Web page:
Step into the Saban spring catalogue. On A-Day in Tuscaloosa, you can spot him dressed to the nines.
The Grandfather of South Florida football preeminence, Howard Schnellenberger, stands in a class of his own on the sidelines.
P.J. Fleck goes for a more contemporary shirt-and-tie look (plus shacket), a nod to the men who influenced him.
One is Mike Nolan, who coached Fleck in San Francisco.
The sweater vest
Fleck’s other mentor is Jim Tressel. Few coaches are as synonymous with a piece of clothing.
Gus Malzahn has been known to don vests, with some performing better than others.
Was requested earlier, so here's the record breakdown of every Gus Malzahn sweater vest. pic.twitter.com/9iLHd6UyNR— Clint Richardson - Auburn Uniform Database (@Clintau24) September 7, 2015
Saban has a gray vest that’s a staple of his practice look.
The full sweater
A vestige of a bygone era when the Vs were deep and the collars were starched. Look at this Snyder fit from 1992.
Former USC coach Larry Smith:
Former Michigan head man Gary Moeller:
And former Ohio State/Arizona State coach John Cooper:
Charlie Strong has mastered the art of the mock.
But former USC coach Pete Carroll nailed the actual turtleneck.
Between turtleneck and polo lies the crewneck. Of its devotees, the most notable are Jim Harbaugh ...
... and Kliff Kingsbury.
Lincoln Riley can play ball in the crewneck game.
As can Ed Orgeron.
Same deal with Gary Patterson, if he’s not wearing the long-sleeve version of the most common option.
And Patterson’s clothing choice is known to have a bearing on on-field performance. In the 2016 Alamo Bowl, Patterson started the game in black, then switched at halftime. The results speak for themselves.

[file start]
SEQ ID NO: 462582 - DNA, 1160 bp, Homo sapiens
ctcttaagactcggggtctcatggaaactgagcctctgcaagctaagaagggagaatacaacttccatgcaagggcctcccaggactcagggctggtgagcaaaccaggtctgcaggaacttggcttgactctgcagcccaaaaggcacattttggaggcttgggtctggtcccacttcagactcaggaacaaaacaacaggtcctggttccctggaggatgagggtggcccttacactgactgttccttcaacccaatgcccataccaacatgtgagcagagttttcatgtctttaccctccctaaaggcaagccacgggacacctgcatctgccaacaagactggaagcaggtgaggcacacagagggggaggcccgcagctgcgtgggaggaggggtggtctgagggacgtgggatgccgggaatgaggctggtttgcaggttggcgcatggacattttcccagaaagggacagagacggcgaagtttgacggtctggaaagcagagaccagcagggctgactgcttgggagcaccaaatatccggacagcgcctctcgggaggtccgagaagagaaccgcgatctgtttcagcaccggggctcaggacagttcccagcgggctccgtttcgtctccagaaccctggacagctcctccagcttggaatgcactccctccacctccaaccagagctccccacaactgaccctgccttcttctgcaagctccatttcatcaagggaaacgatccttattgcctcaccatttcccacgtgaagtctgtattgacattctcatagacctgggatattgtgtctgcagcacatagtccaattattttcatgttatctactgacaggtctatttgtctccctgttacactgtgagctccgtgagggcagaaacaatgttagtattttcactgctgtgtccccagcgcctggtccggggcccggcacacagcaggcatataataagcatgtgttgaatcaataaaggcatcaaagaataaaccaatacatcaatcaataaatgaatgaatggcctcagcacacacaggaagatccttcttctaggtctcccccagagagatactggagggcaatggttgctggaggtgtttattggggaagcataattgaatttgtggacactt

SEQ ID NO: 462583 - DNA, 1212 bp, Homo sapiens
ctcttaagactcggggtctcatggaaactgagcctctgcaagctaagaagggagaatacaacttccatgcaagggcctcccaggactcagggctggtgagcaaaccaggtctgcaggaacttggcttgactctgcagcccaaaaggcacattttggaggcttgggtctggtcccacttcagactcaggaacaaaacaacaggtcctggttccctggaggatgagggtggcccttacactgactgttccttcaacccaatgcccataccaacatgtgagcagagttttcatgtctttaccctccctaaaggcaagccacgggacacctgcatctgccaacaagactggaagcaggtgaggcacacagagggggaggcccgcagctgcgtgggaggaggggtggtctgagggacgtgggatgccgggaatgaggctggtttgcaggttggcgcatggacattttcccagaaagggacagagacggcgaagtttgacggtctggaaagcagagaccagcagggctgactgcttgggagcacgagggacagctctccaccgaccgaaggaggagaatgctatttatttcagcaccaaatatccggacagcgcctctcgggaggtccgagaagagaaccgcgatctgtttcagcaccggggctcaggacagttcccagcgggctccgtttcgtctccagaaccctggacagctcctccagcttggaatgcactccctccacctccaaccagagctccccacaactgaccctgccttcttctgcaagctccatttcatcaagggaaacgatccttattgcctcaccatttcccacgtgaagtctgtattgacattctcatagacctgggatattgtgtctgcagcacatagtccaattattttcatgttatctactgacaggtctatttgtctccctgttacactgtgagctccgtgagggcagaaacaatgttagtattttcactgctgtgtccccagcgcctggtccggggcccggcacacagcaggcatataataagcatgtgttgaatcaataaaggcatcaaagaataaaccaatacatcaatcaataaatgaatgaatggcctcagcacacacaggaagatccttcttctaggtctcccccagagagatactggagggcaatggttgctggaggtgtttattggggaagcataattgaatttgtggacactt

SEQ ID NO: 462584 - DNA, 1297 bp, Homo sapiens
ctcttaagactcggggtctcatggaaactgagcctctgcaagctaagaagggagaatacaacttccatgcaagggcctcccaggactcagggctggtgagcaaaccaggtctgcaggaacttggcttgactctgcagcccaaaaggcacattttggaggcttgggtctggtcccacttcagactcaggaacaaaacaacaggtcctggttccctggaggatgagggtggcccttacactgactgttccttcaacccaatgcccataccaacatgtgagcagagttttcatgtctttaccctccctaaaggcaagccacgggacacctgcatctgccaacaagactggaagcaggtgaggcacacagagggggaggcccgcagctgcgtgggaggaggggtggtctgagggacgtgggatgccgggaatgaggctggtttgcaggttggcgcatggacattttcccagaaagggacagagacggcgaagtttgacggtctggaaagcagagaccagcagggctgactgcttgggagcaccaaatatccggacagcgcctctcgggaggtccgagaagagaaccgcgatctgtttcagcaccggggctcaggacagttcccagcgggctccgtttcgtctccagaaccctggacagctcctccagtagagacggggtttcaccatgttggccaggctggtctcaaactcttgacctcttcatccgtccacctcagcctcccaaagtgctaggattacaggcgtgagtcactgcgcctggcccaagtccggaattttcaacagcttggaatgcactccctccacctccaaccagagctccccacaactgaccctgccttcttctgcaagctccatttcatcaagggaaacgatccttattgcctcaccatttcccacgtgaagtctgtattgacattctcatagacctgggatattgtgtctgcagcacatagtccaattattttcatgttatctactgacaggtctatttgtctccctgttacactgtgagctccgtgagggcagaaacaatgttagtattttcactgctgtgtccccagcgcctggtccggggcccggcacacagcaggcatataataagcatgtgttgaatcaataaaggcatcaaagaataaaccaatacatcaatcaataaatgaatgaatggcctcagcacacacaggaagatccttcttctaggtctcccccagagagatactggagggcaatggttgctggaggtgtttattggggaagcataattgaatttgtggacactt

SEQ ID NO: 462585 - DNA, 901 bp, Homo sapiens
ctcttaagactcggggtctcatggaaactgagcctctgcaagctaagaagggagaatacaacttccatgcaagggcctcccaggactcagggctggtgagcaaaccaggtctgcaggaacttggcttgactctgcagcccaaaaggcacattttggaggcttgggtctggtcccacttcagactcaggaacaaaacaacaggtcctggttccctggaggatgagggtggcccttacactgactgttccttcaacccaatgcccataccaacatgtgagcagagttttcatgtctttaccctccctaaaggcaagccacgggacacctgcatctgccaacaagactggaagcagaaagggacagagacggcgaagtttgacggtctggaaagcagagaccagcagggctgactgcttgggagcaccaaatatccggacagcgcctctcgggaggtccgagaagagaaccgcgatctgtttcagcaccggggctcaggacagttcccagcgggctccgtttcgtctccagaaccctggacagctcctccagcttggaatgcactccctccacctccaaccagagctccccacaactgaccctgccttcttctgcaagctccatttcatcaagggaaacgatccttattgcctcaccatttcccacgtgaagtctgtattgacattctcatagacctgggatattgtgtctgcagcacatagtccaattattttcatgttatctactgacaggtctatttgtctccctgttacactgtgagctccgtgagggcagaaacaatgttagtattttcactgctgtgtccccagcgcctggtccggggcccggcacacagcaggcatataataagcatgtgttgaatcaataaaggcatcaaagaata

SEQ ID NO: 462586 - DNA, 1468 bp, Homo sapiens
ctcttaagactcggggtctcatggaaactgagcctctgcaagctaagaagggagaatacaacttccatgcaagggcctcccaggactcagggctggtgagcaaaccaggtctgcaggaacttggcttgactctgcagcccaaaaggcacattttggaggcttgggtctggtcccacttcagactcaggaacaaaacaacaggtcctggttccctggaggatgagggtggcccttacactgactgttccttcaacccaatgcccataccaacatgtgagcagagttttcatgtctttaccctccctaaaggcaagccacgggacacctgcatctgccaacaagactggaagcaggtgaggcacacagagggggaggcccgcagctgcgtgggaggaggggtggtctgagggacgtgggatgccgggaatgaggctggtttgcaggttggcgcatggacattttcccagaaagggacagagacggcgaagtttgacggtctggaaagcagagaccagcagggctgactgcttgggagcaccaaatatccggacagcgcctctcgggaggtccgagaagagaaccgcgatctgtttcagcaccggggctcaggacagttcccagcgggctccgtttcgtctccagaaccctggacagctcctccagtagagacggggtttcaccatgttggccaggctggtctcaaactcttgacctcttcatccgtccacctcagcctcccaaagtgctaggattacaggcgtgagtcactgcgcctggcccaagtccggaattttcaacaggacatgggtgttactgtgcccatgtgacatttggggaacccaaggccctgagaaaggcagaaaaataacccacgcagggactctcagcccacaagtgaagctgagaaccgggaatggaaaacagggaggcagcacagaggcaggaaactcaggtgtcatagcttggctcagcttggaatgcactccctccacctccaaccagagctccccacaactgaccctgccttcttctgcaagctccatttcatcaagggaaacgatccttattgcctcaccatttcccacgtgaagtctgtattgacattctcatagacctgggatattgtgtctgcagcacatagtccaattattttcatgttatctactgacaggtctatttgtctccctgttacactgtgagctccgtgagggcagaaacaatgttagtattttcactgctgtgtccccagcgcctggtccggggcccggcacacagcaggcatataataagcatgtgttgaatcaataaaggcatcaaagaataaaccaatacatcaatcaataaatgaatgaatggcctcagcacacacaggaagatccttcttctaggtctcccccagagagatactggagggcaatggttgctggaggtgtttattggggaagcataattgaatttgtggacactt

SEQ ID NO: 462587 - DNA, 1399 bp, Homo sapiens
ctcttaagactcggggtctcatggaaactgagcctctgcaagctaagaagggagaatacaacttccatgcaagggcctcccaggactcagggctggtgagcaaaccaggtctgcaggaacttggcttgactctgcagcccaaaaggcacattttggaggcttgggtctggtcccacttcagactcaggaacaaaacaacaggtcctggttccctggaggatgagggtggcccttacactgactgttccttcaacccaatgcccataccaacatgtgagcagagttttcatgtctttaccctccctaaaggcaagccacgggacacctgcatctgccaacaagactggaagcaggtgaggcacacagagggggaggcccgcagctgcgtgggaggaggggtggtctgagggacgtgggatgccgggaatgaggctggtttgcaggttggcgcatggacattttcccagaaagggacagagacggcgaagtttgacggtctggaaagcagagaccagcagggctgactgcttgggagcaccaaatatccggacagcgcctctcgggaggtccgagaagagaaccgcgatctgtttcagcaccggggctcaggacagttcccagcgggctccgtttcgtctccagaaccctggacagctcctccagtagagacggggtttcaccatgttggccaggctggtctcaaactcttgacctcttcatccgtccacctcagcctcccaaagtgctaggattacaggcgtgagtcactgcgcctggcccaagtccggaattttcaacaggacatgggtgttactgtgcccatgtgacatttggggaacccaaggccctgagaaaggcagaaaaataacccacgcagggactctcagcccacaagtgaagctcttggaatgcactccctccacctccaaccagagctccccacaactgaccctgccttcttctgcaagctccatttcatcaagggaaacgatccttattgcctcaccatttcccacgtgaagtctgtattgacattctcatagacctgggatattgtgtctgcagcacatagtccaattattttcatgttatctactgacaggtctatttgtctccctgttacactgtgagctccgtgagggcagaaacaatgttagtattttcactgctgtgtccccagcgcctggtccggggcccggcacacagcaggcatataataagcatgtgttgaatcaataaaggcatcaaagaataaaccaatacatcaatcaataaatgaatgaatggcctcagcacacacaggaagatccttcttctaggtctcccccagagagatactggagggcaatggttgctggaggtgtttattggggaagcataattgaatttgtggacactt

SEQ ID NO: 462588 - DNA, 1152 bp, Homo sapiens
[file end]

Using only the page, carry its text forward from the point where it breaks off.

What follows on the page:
As promised, here’s Patterson in a long-sleeved polo. He’s in black here, but briefly swore off the color after that Alamo Bowl.
These days, polos are cookie-cutter. Almost every coach wears them at various points in the year. Nike, Adidas, and Under Armour debut slightly updated versions of their coaches polos in the offseason, and then they’re sported by the coaches all season. You can have one yourself for like $80.
But they do serve a functional purpose. Check out the guys behind Urban Meyer here:
Those are assistants who signal plays in. To make it easier for the Buckeyes on the field to pick out signals, these coaches are wearing colors that pop in a sea of scarlet.
But, my goodness, was the polo game strong back in the day. Frank Solich:
Bowden yet again:
We’ve arrived at the legs, so thank goodness I have an excuse to use this photo of former Georgia coach Jim Donnan:
Sure, he’s in shorts, but just feast your eyes on this magnificent Hawaiian shirt he sported when the Dawgs played in the 2000 Oahu Bowl. (Some coaches of Pacific Island descent wear island accents to their coaching uniforms that are much less forced. Navy’s Ken Niumatalolo is famous for his lei.)
Besides that, you won’t see shorts in-game too often. Northwestern’s Pat Fitzgerald is an exception.
You will almost always see a coach wearing long khakis (obligatory Harbaugh reference). But now that Derek Dooley’s at Missouri, he can dye his pants yellow and give us a redux of his Volunteer orange slacks:
Check out these puppies on Lou Holtz ...
... and Tom Osborne.
And Temple’s Geoff Collins with the capris-style:
I think Geoff Collins and the tower girl traded pants before the kickoff tonight. Where’s the flood at? pic.twitter.com/73xKMS5ah2— LitiGATOR (@BullGator09) September 20, 2018
The point of contention is pleats. Many a head man has shackled himself to this style. Paul Johnson exhibits the look here, as if wearing Russell Athletic isn’t bad enough.
Jeff Monken and others give me hope that sensibilities are changing and flat-front is en vogue.
It’s mostly the stock athletic shoe provided by the school.
Some coaches take that to the extreme, like Mullen. At Mississippi State, an Adidas school, he leaned heavy into the Yeezy wave.
Now he’s at Florida, a Jordan Brand school soon. His feet remain a tool to appeal to The Youths on the recruiting trail.
Coaches who don’t go sneakers can pull a Harbaugh and wear cleats.
Sideline swagger is an overlooked subculture of the coaching profession.
But even on Saturday afternoon, clothes still make the man.